Supporting Grade 5-8 Students in Constructing Explanations in Science: The Claim, Evidence, and Reasoning Framework for Talk and Writing

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By providing a variety of strategies, scenarios, examples of student writing, classroom video clips from across all science content areas, rubrics, and guidelines for designing assessment items, Supporting Grade 5-8 Students in Constructing Explanations in Science: The Claim, Evidence, and Reasoning Framework for Talk and Writing provides teachers with the tools to successfully incorporate scientific explanation in their own classrooms.

Grounded in NSF-funded research, this book/DVD supports middle grades science teachers with an instructional framework that breaks down the complex practice of scientific explanation into four components-claim, evidence, reasoning, and rebuttal-and providesconcrete examples of what this scientific inquiry practice looks like when it is successfully implemented in real classrooms. Over the last nine years that McNeill and Krajcik have developed, field tested, and refined this instructional model, they found that incorporating this framework for scientific explanation into curriculum materials, teacher instructional strategies, and assessments enhances students conceptual understanding and improves their ability to think and communicate more scientifically by carefully analyzing evidence and backing up their claims.

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What Educators Are Saying

I would encourage others to use it as a resource for a professional learning community or department discussion group and the like... absolutely I would recommend it - why? it is simply good for our students' developing understanding of science..."

- Pamela M. Pelletier, Senior Program Director, Science K-12, Boston Public Schools, Boston, Massachusetts

"[This book] can easily be used to guide middle school teams to collaboratively work together to ask higher order thinking questions in any core content area. This type of questioning leads to great classroom discourse, therefore engaging students in using claims, evidence, and reasoning."

- Kendra Walters Durham, Science Teacher, Wester Middle School, Frisco, Texas

Take a Look Inside

  • Integrates video clips from a range of grade levels and contexts (e.g., urban and suburban) throughout the text to demonstrate the use of the scientific explanation framework in actual classrooms (Chapters 2, 4 and 7)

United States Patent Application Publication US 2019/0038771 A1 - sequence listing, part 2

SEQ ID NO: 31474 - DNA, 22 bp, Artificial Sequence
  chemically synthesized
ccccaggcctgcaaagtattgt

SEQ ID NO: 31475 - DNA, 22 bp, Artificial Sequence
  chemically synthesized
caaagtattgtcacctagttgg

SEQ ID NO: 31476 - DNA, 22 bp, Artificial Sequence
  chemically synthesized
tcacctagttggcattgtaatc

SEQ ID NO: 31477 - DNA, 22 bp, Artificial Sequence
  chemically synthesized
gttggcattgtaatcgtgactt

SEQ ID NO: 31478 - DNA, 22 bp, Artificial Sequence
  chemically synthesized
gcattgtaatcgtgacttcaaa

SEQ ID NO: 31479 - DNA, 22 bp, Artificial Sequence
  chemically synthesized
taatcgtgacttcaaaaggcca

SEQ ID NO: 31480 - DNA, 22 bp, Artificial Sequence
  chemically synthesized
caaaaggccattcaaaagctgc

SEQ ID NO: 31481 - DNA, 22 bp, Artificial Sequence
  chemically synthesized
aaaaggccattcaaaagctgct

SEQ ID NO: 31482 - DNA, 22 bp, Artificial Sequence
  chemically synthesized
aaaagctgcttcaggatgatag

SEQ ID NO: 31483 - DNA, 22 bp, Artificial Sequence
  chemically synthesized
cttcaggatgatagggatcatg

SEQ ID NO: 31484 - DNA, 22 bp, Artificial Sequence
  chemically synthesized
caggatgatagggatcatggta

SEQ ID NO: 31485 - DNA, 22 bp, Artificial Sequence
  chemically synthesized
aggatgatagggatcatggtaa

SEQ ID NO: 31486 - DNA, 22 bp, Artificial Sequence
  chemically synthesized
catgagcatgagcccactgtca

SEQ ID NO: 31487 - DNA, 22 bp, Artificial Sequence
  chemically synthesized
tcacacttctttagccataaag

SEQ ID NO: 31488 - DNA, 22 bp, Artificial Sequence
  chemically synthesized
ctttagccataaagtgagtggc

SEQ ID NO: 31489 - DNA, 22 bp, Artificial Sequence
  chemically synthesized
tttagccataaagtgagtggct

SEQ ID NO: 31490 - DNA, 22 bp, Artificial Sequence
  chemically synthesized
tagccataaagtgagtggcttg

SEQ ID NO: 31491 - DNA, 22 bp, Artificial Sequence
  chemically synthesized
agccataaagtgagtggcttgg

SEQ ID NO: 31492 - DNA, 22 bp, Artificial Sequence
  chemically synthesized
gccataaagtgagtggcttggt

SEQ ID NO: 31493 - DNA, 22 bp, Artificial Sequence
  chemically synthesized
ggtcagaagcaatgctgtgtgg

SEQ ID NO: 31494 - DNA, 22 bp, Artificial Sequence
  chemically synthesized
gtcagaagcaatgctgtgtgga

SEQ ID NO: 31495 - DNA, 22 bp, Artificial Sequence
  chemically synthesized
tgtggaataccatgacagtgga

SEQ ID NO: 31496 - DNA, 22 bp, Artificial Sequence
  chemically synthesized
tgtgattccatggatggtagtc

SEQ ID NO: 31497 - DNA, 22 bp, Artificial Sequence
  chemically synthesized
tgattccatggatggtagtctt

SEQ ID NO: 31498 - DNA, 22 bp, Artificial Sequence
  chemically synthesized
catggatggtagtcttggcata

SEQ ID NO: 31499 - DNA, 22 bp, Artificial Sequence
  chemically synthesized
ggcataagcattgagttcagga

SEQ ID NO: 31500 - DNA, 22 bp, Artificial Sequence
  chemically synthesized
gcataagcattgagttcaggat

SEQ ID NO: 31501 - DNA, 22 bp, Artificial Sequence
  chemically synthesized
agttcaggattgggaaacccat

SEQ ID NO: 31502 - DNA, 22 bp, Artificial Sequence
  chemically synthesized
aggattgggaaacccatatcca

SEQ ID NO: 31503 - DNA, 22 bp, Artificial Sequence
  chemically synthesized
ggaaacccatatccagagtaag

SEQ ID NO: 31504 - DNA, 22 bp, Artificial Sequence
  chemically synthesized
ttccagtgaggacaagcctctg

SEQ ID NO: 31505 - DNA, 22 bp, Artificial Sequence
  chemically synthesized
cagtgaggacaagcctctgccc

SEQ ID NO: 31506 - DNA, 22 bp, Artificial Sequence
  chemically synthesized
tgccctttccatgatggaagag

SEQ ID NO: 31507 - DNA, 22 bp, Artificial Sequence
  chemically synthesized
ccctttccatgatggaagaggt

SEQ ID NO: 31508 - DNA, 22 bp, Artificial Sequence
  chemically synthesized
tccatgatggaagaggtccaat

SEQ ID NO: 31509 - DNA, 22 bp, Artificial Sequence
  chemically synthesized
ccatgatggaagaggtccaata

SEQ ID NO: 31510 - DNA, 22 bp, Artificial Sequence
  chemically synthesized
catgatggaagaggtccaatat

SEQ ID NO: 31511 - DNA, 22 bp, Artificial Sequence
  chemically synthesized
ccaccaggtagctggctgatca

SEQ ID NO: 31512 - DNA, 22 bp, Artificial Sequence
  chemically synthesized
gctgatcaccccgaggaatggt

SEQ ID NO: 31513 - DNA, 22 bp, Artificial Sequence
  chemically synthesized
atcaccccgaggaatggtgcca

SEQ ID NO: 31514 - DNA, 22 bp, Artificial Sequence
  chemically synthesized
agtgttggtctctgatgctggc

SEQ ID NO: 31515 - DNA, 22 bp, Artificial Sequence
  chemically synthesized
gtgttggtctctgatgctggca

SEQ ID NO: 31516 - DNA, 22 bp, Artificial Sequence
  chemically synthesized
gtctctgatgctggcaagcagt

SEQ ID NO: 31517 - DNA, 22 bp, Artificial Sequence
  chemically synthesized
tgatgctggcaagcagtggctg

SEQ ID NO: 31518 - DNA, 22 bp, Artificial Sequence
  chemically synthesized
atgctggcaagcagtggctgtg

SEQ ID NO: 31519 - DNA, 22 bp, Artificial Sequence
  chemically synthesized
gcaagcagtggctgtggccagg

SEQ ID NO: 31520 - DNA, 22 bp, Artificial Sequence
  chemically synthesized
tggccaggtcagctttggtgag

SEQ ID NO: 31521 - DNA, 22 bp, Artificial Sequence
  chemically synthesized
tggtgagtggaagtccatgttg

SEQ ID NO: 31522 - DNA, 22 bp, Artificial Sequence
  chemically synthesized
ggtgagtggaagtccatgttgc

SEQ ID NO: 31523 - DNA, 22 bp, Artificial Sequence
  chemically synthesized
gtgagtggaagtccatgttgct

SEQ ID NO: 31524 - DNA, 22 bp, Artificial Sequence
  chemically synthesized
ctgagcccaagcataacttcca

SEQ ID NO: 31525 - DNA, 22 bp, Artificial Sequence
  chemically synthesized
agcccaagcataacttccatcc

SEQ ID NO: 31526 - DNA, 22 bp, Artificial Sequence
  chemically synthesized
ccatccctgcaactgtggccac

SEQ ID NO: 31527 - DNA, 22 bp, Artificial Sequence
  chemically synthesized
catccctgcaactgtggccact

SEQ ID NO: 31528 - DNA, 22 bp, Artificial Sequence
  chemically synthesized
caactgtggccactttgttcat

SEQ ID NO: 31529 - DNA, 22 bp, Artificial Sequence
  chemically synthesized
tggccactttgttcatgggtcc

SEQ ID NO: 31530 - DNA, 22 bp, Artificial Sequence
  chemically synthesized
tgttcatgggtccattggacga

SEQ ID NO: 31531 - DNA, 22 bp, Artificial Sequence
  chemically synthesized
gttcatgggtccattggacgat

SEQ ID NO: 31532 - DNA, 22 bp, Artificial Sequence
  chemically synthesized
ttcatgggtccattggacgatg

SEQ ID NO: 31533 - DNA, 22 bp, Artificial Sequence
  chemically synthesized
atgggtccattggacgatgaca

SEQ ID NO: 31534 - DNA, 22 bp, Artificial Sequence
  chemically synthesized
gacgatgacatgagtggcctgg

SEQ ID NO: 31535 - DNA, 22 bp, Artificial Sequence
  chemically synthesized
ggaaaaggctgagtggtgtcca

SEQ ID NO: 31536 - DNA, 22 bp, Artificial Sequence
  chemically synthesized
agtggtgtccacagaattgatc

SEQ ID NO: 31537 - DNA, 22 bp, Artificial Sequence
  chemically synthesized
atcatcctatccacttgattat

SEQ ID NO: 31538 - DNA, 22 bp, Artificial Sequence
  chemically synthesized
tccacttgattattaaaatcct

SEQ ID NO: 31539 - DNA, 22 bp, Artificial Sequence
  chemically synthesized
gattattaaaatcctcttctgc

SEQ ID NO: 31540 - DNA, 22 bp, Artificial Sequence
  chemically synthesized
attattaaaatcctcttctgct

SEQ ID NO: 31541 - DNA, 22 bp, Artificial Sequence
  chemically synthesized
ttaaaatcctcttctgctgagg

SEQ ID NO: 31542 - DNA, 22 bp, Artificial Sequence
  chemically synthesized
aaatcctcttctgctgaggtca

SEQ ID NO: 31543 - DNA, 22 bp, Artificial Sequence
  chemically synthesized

• Provides examples of student work throughout the book to demonstrate student accomplishment and to illustrate the most common student difficulties and strategies for supporting those challenges. (Chapters 1, 2, 3, and 6)
  • Incorporates learning strategies that can support all students, including English Language Learners and students with special needs, and helps teachers with ideas on how to modify instruction to best meet the needs of their students.
  • Presents rubrics for evaluating students' written explanations and sample assessment tasks with model teacher critiques of student explanations based on developed rubric.

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About the author (2012)

Katherine L. McNeill is an Assistant Professor of science education at Boston College. A former middle school science teacher, she received her doctorate in science education from the University of Michigan. Her research focuses on helping students with diverse backgrounds become interested in science and learn both science content and scientific inquiry practices. Specifically, she has recently focused on how to support students in engaging in scientific explanation and argumentation in both talk and writing. Her research has been generously funded by the National Science Foundation (NSF). She has published numerous book chapters and journal articles from this work, including articles in the Journal of Research in Science Teaching, Science Education, The Journal of the Learning Sciences, and International Journal of Science Education.

Joseph Krajcik, a Professor at the University of Michigan, develops classroom environments in which students find solutions to important intellectual questions that subsume essential learning goals. He is a fellow of AAAS and AERA, served as president of National Association for Research in Science Teaching in 1999, and received guest professorships from Beijing Normal University and the Weizmann Institute of Science. In 2009, he was named a distinguished professor at Ewha Woman's University in South Korea and served as a faculty member in the Institute for Global Science, Technology and Society Education. In 2010, he received the Distinguished Contributions to Science Education Through Research Award from NARST.

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